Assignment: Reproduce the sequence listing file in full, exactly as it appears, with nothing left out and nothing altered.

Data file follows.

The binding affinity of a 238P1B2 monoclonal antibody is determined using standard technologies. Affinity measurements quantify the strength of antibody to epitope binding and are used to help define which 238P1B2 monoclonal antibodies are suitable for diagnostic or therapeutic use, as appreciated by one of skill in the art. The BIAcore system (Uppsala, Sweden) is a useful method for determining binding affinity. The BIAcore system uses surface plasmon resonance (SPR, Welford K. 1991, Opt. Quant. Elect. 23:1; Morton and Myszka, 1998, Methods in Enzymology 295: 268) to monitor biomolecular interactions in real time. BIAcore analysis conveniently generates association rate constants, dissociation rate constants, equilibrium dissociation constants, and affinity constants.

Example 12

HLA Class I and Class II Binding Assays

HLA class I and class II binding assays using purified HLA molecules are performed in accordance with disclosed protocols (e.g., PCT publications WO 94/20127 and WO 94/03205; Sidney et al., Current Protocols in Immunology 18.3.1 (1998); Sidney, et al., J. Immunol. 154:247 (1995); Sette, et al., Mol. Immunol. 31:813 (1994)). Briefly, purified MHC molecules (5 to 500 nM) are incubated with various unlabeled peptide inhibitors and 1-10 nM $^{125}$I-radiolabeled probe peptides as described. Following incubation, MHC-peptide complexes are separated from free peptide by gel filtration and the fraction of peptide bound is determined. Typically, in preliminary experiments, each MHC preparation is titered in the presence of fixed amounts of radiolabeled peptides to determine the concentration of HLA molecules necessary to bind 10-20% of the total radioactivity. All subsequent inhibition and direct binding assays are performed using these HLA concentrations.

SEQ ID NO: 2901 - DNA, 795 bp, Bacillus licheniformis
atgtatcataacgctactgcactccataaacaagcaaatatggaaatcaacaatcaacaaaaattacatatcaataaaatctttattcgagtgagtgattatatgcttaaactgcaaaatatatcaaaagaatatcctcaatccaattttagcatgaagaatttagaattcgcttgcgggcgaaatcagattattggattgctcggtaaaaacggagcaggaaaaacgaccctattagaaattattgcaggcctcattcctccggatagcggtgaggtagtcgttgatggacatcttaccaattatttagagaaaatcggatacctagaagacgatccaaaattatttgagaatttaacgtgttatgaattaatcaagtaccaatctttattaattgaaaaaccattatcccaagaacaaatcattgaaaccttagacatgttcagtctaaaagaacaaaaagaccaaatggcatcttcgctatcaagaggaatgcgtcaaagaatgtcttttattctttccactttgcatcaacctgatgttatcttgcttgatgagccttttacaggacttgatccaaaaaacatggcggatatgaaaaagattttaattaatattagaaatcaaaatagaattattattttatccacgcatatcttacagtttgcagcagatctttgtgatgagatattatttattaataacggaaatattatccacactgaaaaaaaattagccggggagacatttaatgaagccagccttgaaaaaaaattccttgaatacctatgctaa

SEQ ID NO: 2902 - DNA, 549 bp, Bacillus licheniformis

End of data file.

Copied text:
The binding affinity of a 238P1B2 monoclonal antibody is determined using standard technologies. Affinity measurements quantify the strength of antibody to epitope binding and are used to help define which 238P1B2 monoclonal antibodies are suitable for diagnostic or therapeutic use, as appreciated by one of skill in the art. The BIAcore system (Uppsala, Sweden) is a useful method for determining binding affinity. The BIAcore system uses surface plasmon resonance (SPR, Welford K. 1991, Opt. Quant. Elect. 23:1; Morton and Myszka, 1998, Methods in Enzymology 295: 268) to monitor biomolecular interactions in real time. BIAcore analysis conveniently generates association rate constants, dissociation rate constants, equilibrium dissociation constants, and affinity constants.

Example 12

HLA Class I and Class II Binding Assays

HLA class I and class II binding assays using purified HLA molecules are performed in accordance with disclosed protocols (e.g., PCT publications WO 94/20127 and WO 94/03205; Sidney et al., Current Protocols in Immunology 18.3.1 (1998); Sidney, et al., J. Immunol. 154:247 (1995); Sette, et al., Mol. Immunol. 31:813 (1994)). Briefly, purified MHC molecules (5 to 500 nM) are incubated with various unlabeled peptide inhibitors and 1-10 nM $^{125}$I-radiolabeled probe peptides as described. Following incubation, MHC-peptide complexes are separated from free peptide by gel filtration and the fraction of peptide bound is determined. Typically, in preliminary experiments, each MHC preparation is titered in the presence of fixed amounts of radiolabeled peptides to determine the concentration of HLA molecules necessary to bind 10-20% of the total radioactivity. All subsequent inhibition and direct binding assays are performed using these HLA concentrations.

SEQ ID NO: 2901 - DNA, 795 bp, Bacillus licheniformis
atgtatcataacgctactgcactccataaacaagcaaatatggaaatcaacaatcaacaaaaattacatatcaataaaatctttattcgagtgagtgattatatgcttaaactgcaaaatatatcaaaagaatatcctcaatccaattttagcatgaagaatttagaattcgcttgcgggcgaaatcagattattggattgctcggtaaaaacggagcaggaaaaacgaccctattagaaattattgcaggcctcattcctccggatagcggtgaggtagtcgttgatggacatcttaccaattatttagagaaaatcggatacctagaagacgatccaaaattatttgagaatttaacgtgttatgaattaatcaagtaccaatctttattaattgaaaaaccattatcccaagaacaaatcattgaaaccttagacatgttcagtctaaaagaacaaaaagaccaaatggcatcttcgctatcaagaggaatgcgtcaaagaatgtcttttattctttccactttgcatcaacctgatgttatcttgcttgatgagccttttacaggacttgatccaaaaaacatggcggatatgaaaaagattttaattaatattagaaatcaaaatagaattattattttatccacgcatatcttacagtttgcagcagatctttgtgatgagatattatttattaataacggaaatattatccacactgaaaaaaaattagccggggagacatttaatgaagccagccttgaaaaaaaattccttgaatacctatgctaa

SEQ ID NO: 2902 - DNA, 549 bp, Bacillus licheniformis